34. Motor Panels (Coventry) Ltd, by Damien Kimberley
35. Not Forgotten, the 1939 IRA bomb attack, by Simon Shaw
36. Let's talk about Rex, by Damien Kimberley
37. Coventry, the Silk Trade and the Horsfall family, by Ian West
38. The Saint Joseph the Worker parish in Coventry, by Terence Richards - Part 1
39. The Saint Joseph the Worker parish in Coventry, by Terence Richards - Part 2
40. The Saint Joseph the Worker parish in Coventry, by Terence Richards - Part 3
41. A brief history of Saint Osburg's, in pictures, by Damien Kimberley
42. The First Tudor Feast, by Richard Ball
43. 1930s Austin's Monthly Magazine articles, by John Bailey Shelton MBE
44. Plan for the City Centre - The Architect and Building News, 21st March 1941
 

1930s Austin's Monthly Magazine articles, by John Bailey Shelton MBE

as originally published in Austin's Monthly Magazine from November 1832 to June 1939

Compiled and transcribed by R. W. Orland, 2005

I'm sincerely grateful to the Shelton family for their kind permission and encouragement to publish these works.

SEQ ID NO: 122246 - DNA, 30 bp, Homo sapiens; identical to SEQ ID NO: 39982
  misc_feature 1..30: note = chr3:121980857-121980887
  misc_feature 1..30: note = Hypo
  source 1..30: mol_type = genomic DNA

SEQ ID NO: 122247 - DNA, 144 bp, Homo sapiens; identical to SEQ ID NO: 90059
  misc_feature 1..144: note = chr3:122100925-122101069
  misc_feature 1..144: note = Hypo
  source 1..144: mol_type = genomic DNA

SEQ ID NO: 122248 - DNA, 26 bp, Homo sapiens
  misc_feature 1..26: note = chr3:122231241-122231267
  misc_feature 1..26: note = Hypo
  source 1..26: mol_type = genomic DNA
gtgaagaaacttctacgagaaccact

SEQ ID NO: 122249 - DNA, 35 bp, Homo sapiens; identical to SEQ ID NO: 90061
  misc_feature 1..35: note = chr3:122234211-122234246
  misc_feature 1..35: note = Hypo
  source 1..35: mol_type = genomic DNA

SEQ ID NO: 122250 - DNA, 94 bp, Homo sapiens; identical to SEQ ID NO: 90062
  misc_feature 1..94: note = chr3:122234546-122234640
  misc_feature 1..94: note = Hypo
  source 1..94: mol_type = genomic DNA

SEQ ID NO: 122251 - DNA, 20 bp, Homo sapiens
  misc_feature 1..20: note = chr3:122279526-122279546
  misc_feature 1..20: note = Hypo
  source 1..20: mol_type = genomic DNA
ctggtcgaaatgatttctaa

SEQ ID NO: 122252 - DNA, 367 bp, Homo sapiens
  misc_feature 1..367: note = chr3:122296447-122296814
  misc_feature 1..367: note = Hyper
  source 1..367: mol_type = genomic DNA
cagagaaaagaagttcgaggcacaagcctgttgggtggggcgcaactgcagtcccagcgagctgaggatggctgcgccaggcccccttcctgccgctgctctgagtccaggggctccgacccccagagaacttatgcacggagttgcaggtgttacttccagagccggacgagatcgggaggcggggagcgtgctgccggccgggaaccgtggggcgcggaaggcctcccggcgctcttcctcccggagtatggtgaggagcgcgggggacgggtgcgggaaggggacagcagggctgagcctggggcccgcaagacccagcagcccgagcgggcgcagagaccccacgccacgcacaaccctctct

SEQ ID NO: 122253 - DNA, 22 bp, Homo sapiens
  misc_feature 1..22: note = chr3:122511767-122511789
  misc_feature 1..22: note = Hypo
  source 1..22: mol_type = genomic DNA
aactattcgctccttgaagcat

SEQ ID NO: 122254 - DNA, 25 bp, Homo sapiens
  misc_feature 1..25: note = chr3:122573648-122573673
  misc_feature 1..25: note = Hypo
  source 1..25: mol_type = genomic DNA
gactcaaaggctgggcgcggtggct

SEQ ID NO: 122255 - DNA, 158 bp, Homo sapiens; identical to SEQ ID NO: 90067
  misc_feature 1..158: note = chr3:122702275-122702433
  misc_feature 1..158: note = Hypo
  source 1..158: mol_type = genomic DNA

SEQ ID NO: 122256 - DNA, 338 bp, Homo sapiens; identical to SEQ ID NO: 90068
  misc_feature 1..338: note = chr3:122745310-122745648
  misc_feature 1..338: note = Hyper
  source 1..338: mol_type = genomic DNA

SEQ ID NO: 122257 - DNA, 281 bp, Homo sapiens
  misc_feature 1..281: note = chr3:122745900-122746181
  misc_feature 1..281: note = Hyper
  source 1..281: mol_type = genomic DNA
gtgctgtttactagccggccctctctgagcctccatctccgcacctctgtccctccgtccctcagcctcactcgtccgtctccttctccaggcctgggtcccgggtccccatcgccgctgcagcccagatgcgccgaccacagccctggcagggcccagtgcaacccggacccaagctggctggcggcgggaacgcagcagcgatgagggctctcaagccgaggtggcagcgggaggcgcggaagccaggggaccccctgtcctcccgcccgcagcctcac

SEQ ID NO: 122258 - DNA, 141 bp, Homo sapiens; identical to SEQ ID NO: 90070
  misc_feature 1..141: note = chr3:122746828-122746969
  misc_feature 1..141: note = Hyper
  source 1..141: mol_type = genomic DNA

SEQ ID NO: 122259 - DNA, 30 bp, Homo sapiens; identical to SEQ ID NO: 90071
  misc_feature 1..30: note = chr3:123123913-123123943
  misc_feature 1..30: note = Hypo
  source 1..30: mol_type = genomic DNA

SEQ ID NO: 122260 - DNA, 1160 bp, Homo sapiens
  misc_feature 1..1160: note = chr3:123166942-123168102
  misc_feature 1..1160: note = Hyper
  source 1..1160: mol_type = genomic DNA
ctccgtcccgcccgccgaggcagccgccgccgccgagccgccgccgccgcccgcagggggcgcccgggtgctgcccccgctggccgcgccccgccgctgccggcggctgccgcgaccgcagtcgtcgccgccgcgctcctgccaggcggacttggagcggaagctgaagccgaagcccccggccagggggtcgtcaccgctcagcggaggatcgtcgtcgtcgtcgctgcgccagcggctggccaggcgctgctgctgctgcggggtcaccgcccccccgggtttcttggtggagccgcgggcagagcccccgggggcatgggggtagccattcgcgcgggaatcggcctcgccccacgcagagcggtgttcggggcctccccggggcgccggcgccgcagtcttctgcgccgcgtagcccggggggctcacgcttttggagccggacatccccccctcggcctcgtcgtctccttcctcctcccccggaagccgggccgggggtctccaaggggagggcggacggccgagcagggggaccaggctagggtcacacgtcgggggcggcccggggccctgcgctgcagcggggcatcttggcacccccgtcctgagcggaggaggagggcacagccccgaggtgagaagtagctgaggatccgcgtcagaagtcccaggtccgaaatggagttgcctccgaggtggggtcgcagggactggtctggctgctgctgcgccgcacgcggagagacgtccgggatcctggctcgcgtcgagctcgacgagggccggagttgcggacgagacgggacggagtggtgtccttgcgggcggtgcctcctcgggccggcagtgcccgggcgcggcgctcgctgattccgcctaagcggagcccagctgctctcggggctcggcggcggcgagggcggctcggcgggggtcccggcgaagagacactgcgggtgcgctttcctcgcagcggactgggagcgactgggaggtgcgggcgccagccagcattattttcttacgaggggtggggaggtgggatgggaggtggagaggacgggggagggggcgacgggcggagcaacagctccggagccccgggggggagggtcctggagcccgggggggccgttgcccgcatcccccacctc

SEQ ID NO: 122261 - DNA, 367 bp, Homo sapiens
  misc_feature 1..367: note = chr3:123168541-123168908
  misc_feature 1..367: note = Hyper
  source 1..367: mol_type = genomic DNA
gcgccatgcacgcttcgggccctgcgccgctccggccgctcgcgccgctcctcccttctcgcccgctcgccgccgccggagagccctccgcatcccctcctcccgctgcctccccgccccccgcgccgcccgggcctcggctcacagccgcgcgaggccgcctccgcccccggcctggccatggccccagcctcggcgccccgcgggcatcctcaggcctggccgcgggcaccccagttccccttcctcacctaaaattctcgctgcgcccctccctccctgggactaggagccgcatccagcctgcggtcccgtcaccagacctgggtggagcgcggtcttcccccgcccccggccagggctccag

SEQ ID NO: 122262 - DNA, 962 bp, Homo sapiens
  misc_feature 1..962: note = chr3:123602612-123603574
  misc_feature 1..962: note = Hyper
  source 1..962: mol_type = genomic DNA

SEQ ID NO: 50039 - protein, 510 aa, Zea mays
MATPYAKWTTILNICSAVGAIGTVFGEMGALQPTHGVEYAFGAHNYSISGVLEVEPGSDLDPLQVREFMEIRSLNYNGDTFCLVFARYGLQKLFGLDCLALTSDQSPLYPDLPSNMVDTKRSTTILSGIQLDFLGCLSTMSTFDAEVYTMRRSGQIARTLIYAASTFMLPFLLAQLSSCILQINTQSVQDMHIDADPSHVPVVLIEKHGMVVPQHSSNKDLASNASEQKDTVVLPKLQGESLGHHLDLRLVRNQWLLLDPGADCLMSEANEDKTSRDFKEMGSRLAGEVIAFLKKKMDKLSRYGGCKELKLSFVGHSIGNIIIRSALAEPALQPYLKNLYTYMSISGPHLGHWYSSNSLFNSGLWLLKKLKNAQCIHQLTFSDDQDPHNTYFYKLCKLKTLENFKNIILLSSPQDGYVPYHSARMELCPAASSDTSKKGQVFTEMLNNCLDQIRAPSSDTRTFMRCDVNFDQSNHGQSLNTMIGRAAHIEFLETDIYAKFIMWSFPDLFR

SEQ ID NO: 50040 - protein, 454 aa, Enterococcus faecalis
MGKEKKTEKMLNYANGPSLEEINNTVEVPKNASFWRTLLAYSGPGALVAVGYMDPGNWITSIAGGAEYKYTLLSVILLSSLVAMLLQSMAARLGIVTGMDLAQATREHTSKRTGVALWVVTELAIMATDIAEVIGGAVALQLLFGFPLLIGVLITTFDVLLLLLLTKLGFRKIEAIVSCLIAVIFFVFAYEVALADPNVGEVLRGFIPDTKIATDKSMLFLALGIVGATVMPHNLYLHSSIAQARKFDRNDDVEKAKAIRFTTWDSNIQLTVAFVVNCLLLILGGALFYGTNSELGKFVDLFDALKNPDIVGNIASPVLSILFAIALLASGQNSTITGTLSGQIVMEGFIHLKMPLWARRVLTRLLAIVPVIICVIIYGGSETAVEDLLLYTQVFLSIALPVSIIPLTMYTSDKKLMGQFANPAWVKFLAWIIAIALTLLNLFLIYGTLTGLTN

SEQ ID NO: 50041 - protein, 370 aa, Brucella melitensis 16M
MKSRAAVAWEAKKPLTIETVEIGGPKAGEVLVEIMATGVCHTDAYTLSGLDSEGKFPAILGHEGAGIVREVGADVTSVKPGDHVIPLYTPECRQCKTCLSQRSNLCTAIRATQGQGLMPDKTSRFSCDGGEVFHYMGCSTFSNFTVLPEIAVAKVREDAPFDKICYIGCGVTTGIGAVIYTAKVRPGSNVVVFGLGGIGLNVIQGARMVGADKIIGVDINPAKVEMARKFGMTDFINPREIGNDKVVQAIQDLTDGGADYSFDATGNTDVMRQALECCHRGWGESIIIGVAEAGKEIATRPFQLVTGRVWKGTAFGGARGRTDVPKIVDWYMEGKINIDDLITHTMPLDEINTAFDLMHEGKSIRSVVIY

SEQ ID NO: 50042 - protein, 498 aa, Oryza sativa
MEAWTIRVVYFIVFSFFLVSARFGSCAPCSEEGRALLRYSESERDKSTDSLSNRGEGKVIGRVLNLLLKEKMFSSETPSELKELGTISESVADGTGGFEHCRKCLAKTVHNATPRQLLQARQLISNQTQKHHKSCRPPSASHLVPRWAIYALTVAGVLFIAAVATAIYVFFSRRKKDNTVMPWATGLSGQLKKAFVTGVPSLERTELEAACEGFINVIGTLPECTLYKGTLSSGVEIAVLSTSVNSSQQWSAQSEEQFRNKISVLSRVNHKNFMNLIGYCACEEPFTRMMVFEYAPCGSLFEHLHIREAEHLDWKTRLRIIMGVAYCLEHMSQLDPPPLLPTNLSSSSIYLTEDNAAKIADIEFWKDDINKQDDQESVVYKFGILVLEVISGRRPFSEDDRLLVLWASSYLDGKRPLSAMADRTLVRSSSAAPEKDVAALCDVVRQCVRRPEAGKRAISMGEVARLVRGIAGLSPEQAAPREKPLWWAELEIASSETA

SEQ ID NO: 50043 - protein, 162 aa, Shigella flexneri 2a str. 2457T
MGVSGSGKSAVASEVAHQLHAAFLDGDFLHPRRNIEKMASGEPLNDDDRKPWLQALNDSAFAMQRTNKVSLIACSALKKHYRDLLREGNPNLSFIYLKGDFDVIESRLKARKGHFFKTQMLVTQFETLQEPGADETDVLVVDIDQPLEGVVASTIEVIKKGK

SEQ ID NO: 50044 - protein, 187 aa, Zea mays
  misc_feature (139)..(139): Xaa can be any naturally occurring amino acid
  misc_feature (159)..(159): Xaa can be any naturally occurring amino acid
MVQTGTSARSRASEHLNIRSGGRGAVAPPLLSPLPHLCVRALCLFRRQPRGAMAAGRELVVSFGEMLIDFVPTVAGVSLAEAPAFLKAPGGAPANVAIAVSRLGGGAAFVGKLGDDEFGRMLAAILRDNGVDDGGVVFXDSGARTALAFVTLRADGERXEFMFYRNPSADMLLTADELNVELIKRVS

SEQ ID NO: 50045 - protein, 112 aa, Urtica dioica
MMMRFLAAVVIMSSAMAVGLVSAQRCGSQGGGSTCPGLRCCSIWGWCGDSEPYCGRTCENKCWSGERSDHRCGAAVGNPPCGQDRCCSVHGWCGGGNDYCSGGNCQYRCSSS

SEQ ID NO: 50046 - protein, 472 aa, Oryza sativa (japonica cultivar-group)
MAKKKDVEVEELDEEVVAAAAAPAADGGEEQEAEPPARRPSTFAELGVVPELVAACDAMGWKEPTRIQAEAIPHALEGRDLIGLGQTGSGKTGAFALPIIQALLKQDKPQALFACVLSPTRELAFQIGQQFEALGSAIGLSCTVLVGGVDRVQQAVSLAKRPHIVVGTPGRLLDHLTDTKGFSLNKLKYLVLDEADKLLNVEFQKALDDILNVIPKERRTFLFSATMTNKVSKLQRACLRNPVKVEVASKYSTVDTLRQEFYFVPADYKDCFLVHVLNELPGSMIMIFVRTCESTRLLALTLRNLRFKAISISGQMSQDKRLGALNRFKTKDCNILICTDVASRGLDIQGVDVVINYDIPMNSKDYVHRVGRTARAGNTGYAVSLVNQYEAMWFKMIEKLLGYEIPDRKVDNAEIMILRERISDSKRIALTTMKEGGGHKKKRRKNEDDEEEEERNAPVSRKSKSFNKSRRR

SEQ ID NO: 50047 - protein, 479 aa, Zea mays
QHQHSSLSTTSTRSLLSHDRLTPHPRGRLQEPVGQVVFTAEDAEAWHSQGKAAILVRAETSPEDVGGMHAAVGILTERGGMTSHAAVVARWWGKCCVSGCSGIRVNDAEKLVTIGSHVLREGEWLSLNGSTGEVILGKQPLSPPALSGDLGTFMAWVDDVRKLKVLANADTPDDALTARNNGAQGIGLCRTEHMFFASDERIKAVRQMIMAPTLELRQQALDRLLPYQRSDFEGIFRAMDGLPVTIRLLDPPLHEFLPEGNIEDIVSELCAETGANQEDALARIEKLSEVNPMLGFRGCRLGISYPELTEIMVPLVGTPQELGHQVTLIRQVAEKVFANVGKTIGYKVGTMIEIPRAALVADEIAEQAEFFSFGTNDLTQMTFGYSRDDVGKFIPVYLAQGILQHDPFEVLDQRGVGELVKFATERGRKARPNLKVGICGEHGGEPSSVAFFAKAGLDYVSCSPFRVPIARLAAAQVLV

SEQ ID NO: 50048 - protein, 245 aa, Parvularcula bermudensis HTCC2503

J. B. Shelton's post-war book A Night in Little Park Street can be viewed here (in PDF format).

Contents

Display ALL articles

Date:Subjects covered:

1932

NovGosford Gate
DecCo-op Site, West Orchard

1933

JanWest Orchard, Bridge etc.
FebBroadgate Excavations
MarBroadgate Excavations
AprBroadgate Excavations
MayBlack Bull Inn, Pepper Lane
JunBlack Bull Inn
JulCox Street - River Excavations
AugCox Street - River Excavations
SepCox Street - River Excavations
OctCox Street - River Excavations
NovCox Street - River Excavations
DecPark Side Excavations

1934

JanPark Side Excavations
FebBurges Excavations
MarBenedictine Site Excavations
AprBenedictine Site Excavations
MayBenedictine Site Excavations
JunBenedictine Site Excavations
JulCoventry Castle
AugBenedictine Site, Palmer Lane Guest House
SepBenedictine Site, Wooden Bridge
OctAntiquities Exhibition at the Drill Hall
NovWell Street Excavations
DecPriory Pool & Mills

1935

JanPriory Pool & DIstrict
FebNew Buildings, Tower Foundations
MarCity Wall, Cook Street Gate, Plumb House
AprPriory Tower
MayPriory Tower, Gulson Road, Round Tower, New Gate Foundations